Celebrate diversity with these Malaysian films.
While Malaysian films are still strongly segmented by language and culture, with each race dishing out entertainment that is intended for a specific audience, ever so often we have filmmakers who step out of those boundaries to remind us what it means to be Malaysians. Case in point; Yasmin Ahmad's, "Sepet", which is one of the first few films to highlight the importance of diversity in the country and has been cited as a precedent of future Malaysian films.
Yasmin Ahmad's 2004 film, "Sepet" starring Sharifah Amani and Choo Seong Ng.
Nowhere else in the world is a country so blessed to have distinct races living under the same roof, growing generations, mixing cultures and identifying themselves in what can be only be uniquely described as Malaysian.
With the recent change of heart by FINAS and the PFM to remove all language barriers for the nominees to be the best Malaysian film in the upcoming Festival Film Malaysia (FFM), we may start to see that the message of diversity, in film and in society, have started to reach the hearts in the mainstream. With optimistic hopes for the future that Malaysian cinema will continue to embrace its diversity, we also want to look at the truly Malaysian films that have come before, and are worth celebrating in this national month of August.
This is possibly a controversial choice given the backlash that Mamat Khalid received having made the Indian cast in this Bollywood-inspired comedy speak mostly in Bahasa Malaysia instead of their native Tamil. But "Estet" was still a brave attempt from the director to have two races appearing on the same screen in a year that was dominated by purely Malay fare. Set in a rubber estate, revolving around a football match between two rival rubber estates, it was a rare moment to see the Malay and Indian cast committing to the boisterous, but otherwise Bollywood-like action, romance, and the unmissable dance number at the end was a sight to enjoy the joining of two races on screen.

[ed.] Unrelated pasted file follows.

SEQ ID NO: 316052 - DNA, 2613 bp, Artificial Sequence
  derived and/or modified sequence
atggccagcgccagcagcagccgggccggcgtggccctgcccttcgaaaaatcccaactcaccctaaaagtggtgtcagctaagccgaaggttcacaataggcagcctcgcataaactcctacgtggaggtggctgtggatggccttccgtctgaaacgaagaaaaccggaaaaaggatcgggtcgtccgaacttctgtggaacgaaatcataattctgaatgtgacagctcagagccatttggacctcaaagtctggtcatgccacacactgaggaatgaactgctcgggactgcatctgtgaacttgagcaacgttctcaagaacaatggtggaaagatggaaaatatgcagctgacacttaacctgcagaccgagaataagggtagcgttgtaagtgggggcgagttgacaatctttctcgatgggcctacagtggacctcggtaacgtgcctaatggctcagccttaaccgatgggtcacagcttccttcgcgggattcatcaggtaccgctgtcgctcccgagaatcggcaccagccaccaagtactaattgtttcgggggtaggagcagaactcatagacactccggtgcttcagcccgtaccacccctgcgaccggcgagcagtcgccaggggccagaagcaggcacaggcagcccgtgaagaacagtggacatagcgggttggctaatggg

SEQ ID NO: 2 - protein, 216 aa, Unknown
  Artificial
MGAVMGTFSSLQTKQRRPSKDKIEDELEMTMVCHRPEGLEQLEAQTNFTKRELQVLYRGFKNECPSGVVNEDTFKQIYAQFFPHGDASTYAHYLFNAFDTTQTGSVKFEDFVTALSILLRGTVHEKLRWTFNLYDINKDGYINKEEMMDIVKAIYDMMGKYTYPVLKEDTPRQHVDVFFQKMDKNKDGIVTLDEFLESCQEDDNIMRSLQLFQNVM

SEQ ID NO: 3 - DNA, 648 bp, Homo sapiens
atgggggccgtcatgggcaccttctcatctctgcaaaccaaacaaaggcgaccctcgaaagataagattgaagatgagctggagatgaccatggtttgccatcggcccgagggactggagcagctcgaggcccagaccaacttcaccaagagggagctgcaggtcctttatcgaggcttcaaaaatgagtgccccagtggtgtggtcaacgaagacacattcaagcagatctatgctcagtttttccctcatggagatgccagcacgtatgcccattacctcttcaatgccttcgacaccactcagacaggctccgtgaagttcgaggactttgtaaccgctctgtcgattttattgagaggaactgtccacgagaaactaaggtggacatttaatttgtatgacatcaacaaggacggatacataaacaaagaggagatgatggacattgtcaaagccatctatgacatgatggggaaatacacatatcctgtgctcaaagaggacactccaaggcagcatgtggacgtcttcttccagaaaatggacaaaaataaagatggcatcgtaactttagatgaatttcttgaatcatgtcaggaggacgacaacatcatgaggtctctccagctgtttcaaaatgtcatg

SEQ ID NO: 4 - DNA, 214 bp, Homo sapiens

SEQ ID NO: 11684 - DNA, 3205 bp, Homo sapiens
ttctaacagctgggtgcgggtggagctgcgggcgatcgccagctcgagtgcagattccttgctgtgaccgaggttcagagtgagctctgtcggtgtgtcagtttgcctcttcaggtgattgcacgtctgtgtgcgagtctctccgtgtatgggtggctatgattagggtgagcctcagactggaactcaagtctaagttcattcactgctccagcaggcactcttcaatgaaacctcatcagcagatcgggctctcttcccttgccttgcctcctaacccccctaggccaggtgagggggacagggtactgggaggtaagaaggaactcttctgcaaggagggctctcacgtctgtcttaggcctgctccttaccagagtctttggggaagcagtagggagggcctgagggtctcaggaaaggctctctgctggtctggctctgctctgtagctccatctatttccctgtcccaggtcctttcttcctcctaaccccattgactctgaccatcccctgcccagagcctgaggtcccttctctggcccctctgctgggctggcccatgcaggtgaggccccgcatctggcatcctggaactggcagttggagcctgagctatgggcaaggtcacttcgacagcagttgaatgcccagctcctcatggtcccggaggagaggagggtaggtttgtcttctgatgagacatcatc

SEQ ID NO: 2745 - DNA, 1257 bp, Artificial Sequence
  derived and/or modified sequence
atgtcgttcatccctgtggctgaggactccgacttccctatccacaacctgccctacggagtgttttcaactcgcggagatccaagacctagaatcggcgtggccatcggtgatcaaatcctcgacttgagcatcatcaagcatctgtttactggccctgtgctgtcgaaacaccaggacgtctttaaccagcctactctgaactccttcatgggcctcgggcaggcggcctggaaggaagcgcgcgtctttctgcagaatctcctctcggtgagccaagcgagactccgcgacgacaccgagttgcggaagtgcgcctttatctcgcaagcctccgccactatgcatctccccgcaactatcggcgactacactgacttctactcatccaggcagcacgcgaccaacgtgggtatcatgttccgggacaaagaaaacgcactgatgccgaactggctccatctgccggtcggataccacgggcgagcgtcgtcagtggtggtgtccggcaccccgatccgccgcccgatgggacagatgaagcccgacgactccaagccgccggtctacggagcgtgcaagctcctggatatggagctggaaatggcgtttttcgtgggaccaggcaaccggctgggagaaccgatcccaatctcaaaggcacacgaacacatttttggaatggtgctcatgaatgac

Ola Bola (2016)
Having come from making Chinese New Year movies appealing to a Chinese audience, director Chiu Keng Guan finally struck a chord in all Malaysians with his loving road-trip movie, "The Journey". Despite having the testament of being loved by Malaysian audiences of all strips as the highest grossing film of 2014, "The Journey" was still rooted in Chinese cultures that may be lost on those who couldn't understand the taboo of giving a chicken head to an elder on Chinese New Year Eve.
It was Chiu's next effort; the inspired and inspiring football story of "Ola Bola", where he put the theme of diversity front and center on the field. Tracing along the lines of the glory days of Malaysian football built by a multiracial national team, "Ola Bola" was both nostalgic and representative of a better time for diversity in Malaysia (including East Malaysia). That's not to say that "Ola Bola" was the perfect Malaysian film that celebrated diversity; the little setbacks it had with certain audiences on its historical accuracies is a sign that there are some old wounds that has hurt our diversity, and needs to be treaded carefully.
Nasi Lemak 2.0 (2011)